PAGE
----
Michael Bloomberg is among the plutocrats pouring money into LA's school board elections.
A group of billionaires and astroturf groups is trying to buy a Los Angeles school board election to expand the corporate education policy agenda in that city. One big goal is to defeat one-term incumbent and former teacher Steve Zimmer. The "Coalition for School Reform" has gotten $1 million from New York City Mayor Michael Bloomberg
. But the group wasn't exactly broke
before Bloomberg's contribution, according to the LA Times
Education and arts philanthropist Eli Broad leads the way with a contribution of $250,000 to the coalition, which includes L.A. Mayor Antonio Villaraigosa. Also in for $250,000 is billionaire A. Jerrold Perenchio, who headed the Univision network for years.
Lynda Resnick, the entrepreneur behind POM Wonderful pomegranate juice and other ventures, has donated $100,000 to the coalition. Investor Marc Nathanson and his wife, Jane, have together given $100,000.
Bloomberg's former schools chancellor, Joel Klein, who now runs NewsCorp's education division, looking to turn corporate "reform" into profit for Rupert Murdoch, also chipped in $25,000, followed by another $25,000 this week. Also this week, Michelle Rhee's StudentsFirst threw in $250,000
This is the kind of money that's behind corporate education policy, with its attendant privatization, teaching to the test, and union-busting. And when you look at the players giving six and seven figures here, you realize how much more money is coming down the pike.
Keep reading for more in the War on Workers.
A fair day's wage:
Restaurant Opportunities Centers co-founder Saru Jayaraman, appearing this weekend on Bill Moyers:
“If consumers asked, every time they ate out, or said to the management, ‘Love the food, love the service, I would love to see you provide paid sick days, as a consumer that’s important to me,’ or ‘I would love to see you do better on your wages, not pay $2.13,’ just before leaving, we feel like that could make a tremendous difference in moving the industry,”
- Workers at the Castlewood country club in Pleasanton, California, were locked out for more than two and a half years before the lockout was declared illegal and workers let back on the job last October. But it's only now that they have a new contract:
Under the new contract, workers will pay $225 per month for family health care, the same amount the union proposed before the lockout began. The workers’ payment will go down to $150 in the last year of the contract. The deal also includes raises, strong seniority rights and protections against subcontracting – which Castlewood proposed eliminating during the lockout – and a signing bonus.
- Panera calls its bakers "artisans," but that's not how it treats them:
VonEitzen, who has worked at her Panera franchise for two years, said she earns $10.45 per hour, or about $21,000 per year, putting her earnings at roughly 140 percent of the federal poverty line for a couple. The median pay for a baker in the U.S. is just a touch higher, at $11.27 per hour, according to the Bureau of Labor Statistics.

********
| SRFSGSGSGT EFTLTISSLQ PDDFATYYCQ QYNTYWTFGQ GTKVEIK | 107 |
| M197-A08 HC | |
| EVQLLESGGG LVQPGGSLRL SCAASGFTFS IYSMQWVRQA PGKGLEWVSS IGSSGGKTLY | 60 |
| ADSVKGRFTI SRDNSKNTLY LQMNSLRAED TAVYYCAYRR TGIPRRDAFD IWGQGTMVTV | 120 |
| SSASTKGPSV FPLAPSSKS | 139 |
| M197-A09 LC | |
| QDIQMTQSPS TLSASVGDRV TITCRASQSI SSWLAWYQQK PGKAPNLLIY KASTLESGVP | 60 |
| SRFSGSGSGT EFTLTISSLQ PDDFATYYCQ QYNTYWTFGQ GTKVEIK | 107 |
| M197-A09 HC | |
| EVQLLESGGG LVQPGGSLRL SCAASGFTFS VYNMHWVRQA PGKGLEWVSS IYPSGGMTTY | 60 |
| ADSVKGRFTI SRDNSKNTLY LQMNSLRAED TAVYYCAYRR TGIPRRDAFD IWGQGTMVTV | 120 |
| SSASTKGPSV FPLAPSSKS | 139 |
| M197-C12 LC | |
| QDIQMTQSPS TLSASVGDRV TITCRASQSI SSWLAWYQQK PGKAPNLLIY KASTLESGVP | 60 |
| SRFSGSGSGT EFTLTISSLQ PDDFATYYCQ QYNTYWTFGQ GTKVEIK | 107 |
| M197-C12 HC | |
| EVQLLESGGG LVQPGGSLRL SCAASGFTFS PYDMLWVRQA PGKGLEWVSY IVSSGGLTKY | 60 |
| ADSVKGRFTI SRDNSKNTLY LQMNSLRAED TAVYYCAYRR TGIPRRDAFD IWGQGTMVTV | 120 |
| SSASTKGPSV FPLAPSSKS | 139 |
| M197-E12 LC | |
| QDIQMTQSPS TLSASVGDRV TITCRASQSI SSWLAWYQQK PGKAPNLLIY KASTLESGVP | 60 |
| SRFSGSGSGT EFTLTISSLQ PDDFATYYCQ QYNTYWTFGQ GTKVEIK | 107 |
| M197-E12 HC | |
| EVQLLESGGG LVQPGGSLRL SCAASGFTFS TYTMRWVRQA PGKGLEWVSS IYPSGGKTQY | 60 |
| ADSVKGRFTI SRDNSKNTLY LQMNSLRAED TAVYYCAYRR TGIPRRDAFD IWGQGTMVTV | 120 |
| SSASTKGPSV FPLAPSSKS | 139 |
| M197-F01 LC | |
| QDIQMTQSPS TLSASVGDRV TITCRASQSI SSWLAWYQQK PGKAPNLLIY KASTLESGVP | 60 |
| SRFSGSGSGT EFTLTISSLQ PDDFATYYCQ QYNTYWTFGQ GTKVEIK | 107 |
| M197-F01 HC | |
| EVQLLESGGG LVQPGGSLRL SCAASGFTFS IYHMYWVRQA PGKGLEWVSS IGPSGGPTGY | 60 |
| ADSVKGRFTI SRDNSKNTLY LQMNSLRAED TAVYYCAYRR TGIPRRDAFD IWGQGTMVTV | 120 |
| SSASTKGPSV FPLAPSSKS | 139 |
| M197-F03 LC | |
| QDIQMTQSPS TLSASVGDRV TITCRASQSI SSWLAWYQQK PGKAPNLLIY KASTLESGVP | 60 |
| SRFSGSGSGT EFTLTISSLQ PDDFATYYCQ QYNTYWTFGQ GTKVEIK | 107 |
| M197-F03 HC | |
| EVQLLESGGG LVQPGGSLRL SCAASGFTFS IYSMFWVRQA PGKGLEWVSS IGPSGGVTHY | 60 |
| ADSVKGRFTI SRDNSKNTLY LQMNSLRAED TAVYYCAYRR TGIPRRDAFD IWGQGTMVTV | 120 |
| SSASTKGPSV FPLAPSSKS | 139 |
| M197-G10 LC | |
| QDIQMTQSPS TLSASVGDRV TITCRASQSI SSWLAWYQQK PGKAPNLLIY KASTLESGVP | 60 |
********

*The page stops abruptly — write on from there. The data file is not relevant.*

Some Panera bakers are fighting to organize.
But the cost of VonEitzen's employer health insurance plan for a couple would swallow nearly half her earnings, so she and her husband, who's had two heart attacks, go without it. Her paycheck brings in just enough to cover the mortgage payment and utilities, but the money is so tight that they often have to forgo her husband's costly heart medications, she said.
- Hotel workers fired by the Hyatt Regency Baltimore for their union activism are back on the job after a settlement. And speaking of back on the job, workers at HealthBridge nursing homes will supposedly be back on the job on March 3 after HealthBridge dragged its heels all the way to the Supreme Court—twice!—to avoid an injunction ordering the company to reinstate the workers.
- Curious about the real-life labor story that may have been behind the famous invocation against falsely shouting fire in a crowded theater? Corey Robin has it.
- While CNN focused on passengers on that Carnival cruise ship, Josh Eidelson reminds us that the cruise ship's workers certainly had it far worse. In fact, their treatment on working ships is appalling:
The international law governing cruise workers allows them to be worked up to 77 hours a week for as little as $600 a month. As Klein notes, that comes to less than $2 an hour. But in reality, he said, “a worker who’s slated as supposedly working 11 hours is very likely working 13 or 14,” and may go “10 or 12 months without a day off.”
Isn’t that illegal? Sort of. Because Carnival and other top cruise lines operating in the U.S. fly the flags of other countries, they aren’t bound by most American labor laws (there are exceptions, including workplace injury cases). And while international convention sets bare minimums like the $600 per month wage, Klein says, “the enforcement of them depends on the country that regulates the ship.” Klein added that Carnival, the industry leader, is also “the leader in knowing how to keep your costs of worker treatment to a minimum.”
State and local legislation
- The Consumer Financial Protection Bureau is taking a "first step" toward possibly trying to refinance private student loans, which often have ridiculous interest rates.
- The AFL-CIO has a new site @Work, highlighting stories of union workers and the jobs they do, like this: